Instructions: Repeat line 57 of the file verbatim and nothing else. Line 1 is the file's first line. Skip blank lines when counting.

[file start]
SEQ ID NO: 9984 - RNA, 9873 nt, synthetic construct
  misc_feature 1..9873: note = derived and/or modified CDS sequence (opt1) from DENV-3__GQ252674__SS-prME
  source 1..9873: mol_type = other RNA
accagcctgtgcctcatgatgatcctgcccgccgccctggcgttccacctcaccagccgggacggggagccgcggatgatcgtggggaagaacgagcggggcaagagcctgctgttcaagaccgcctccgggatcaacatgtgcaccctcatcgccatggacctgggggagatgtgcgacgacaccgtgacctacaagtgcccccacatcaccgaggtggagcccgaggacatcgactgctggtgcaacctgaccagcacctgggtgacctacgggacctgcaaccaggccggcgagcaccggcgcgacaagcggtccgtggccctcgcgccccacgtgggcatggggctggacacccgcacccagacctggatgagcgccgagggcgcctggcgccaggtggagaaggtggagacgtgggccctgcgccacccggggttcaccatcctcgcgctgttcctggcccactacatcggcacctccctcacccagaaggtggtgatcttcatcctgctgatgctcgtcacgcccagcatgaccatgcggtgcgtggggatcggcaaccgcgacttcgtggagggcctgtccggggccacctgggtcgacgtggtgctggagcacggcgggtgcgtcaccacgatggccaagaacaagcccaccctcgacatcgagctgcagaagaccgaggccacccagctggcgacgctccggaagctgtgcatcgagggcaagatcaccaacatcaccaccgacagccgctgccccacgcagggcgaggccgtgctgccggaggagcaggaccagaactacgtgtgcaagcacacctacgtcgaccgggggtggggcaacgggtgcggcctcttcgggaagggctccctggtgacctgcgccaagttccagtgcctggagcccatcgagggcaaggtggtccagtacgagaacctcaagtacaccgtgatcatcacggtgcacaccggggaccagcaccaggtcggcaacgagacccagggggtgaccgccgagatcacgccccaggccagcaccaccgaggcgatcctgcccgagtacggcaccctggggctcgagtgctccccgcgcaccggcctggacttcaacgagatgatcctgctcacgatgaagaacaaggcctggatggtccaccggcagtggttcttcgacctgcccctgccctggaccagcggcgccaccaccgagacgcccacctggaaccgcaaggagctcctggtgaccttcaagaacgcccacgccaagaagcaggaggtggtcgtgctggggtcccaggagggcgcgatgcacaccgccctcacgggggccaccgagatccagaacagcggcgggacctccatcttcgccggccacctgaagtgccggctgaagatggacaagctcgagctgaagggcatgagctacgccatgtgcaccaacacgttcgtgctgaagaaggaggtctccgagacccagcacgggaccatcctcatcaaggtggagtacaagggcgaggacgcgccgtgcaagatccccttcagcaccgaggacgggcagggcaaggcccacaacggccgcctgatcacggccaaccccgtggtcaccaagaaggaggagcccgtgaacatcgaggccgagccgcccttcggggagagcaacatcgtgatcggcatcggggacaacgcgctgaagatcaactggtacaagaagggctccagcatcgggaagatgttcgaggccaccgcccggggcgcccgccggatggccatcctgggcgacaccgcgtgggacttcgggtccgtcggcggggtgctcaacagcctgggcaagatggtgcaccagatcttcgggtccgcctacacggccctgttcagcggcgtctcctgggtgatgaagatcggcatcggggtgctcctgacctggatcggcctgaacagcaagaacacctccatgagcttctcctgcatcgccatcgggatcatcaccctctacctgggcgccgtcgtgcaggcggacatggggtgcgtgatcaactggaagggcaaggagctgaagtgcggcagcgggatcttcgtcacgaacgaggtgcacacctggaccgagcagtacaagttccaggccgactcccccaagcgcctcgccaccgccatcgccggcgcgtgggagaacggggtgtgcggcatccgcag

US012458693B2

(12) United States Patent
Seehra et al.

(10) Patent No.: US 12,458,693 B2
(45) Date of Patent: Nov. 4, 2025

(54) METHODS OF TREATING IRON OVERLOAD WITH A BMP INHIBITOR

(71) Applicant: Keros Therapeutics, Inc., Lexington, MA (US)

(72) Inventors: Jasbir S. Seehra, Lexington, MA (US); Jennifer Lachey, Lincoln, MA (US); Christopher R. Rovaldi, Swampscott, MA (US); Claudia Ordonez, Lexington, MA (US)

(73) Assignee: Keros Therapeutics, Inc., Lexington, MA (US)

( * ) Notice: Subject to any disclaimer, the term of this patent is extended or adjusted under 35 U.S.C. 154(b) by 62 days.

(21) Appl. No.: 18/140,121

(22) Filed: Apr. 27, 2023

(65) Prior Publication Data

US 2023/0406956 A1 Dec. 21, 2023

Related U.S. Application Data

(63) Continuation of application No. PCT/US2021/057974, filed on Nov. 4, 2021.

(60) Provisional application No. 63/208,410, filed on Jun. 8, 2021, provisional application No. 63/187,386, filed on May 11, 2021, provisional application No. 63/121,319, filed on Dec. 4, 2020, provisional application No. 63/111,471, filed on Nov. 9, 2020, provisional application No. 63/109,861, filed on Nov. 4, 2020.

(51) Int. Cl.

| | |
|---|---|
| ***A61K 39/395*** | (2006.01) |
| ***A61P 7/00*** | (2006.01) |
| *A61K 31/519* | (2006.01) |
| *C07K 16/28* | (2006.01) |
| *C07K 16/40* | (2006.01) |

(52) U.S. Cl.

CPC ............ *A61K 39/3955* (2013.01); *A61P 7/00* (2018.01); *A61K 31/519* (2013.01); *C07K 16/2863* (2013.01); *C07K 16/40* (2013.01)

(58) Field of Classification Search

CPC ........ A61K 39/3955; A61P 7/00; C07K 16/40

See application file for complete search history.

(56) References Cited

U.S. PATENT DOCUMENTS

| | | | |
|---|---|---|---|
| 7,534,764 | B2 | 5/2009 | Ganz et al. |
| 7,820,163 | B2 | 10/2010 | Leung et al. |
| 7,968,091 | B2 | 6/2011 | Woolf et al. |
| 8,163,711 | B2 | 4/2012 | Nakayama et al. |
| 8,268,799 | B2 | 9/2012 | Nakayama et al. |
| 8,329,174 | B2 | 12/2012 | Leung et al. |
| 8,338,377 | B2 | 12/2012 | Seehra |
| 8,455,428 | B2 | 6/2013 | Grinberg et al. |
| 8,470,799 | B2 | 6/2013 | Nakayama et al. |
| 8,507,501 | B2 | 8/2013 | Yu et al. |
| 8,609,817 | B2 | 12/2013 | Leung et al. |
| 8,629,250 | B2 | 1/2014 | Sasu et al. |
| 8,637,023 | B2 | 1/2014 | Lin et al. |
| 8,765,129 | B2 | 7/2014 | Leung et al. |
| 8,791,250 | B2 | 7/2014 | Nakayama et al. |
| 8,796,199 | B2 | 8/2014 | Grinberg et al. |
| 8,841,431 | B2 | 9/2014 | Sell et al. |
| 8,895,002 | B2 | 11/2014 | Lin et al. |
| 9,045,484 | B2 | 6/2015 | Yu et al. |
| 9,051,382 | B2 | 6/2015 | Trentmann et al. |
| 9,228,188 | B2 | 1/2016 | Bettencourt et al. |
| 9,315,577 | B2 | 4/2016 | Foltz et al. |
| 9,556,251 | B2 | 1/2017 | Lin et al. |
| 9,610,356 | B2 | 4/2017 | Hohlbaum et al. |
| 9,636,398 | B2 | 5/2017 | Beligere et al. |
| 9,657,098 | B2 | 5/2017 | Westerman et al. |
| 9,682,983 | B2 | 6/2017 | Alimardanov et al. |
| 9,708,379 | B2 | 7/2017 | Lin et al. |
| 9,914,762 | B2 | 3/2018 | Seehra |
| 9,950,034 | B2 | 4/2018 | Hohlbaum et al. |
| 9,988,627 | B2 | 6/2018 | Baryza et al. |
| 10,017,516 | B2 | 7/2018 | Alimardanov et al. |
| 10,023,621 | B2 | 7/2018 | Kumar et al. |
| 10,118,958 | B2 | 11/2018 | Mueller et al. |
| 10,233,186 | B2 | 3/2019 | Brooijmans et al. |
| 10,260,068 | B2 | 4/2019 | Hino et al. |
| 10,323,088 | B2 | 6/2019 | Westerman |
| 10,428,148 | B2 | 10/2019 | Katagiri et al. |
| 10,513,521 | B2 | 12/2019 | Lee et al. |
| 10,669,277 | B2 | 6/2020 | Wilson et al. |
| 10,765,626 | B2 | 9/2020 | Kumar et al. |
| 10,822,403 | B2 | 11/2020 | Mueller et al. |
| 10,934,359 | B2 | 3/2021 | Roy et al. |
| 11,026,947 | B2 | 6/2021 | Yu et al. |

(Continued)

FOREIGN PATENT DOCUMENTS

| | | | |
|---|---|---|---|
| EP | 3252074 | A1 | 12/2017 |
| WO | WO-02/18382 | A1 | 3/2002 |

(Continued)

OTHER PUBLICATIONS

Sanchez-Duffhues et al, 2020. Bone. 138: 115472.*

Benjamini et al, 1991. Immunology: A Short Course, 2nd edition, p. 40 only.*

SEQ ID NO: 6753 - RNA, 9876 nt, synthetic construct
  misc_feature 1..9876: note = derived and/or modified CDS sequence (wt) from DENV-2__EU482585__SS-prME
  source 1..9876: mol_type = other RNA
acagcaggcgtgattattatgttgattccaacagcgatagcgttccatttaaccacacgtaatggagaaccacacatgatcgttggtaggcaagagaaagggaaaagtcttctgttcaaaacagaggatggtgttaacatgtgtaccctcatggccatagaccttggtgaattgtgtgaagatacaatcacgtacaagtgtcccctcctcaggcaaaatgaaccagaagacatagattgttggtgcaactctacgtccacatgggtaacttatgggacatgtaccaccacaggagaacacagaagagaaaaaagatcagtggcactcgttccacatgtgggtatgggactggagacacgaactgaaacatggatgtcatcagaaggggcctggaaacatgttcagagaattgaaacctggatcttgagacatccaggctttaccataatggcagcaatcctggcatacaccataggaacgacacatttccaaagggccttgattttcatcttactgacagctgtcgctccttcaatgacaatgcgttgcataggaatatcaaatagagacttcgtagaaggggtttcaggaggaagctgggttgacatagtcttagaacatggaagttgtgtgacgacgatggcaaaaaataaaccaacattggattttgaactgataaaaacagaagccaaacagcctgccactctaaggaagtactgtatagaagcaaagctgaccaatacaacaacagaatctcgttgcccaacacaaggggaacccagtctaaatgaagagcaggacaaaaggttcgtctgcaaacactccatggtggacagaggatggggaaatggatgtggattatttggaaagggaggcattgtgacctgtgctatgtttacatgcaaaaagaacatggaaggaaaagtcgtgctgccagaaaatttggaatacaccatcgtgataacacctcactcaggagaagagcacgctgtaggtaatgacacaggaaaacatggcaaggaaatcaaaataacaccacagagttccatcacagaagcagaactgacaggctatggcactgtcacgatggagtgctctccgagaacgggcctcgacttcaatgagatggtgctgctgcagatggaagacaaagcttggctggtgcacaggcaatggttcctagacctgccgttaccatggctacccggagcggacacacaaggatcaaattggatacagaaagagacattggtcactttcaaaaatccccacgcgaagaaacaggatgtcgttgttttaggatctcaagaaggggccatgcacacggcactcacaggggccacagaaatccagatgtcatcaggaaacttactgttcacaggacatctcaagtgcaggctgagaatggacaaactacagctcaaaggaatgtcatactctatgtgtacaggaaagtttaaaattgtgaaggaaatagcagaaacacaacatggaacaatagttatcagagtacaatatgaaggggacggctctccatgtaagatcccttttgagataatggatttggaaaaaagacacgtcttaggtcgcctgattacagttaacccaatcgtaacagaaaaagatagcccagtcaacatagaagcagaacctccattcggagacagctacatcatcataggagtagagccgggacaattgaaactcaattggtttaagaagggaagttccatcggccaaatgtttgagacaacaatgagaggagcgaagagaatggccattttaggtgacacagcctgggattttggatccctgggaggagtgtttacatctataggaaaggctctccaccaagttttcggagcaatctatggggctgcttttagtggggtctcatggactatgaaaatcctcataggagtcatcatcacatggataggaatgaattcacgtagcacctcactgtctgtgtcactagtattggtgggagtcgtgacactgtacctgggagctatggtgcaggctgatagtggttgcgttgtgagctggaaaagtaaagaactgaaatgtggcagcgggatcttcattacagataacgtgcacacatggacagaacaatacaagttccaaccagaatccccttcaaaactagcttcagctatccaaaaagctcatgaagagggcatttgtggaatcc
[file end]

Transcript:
| 9,045,484 | B2 | 6/2015 | Yu et al. |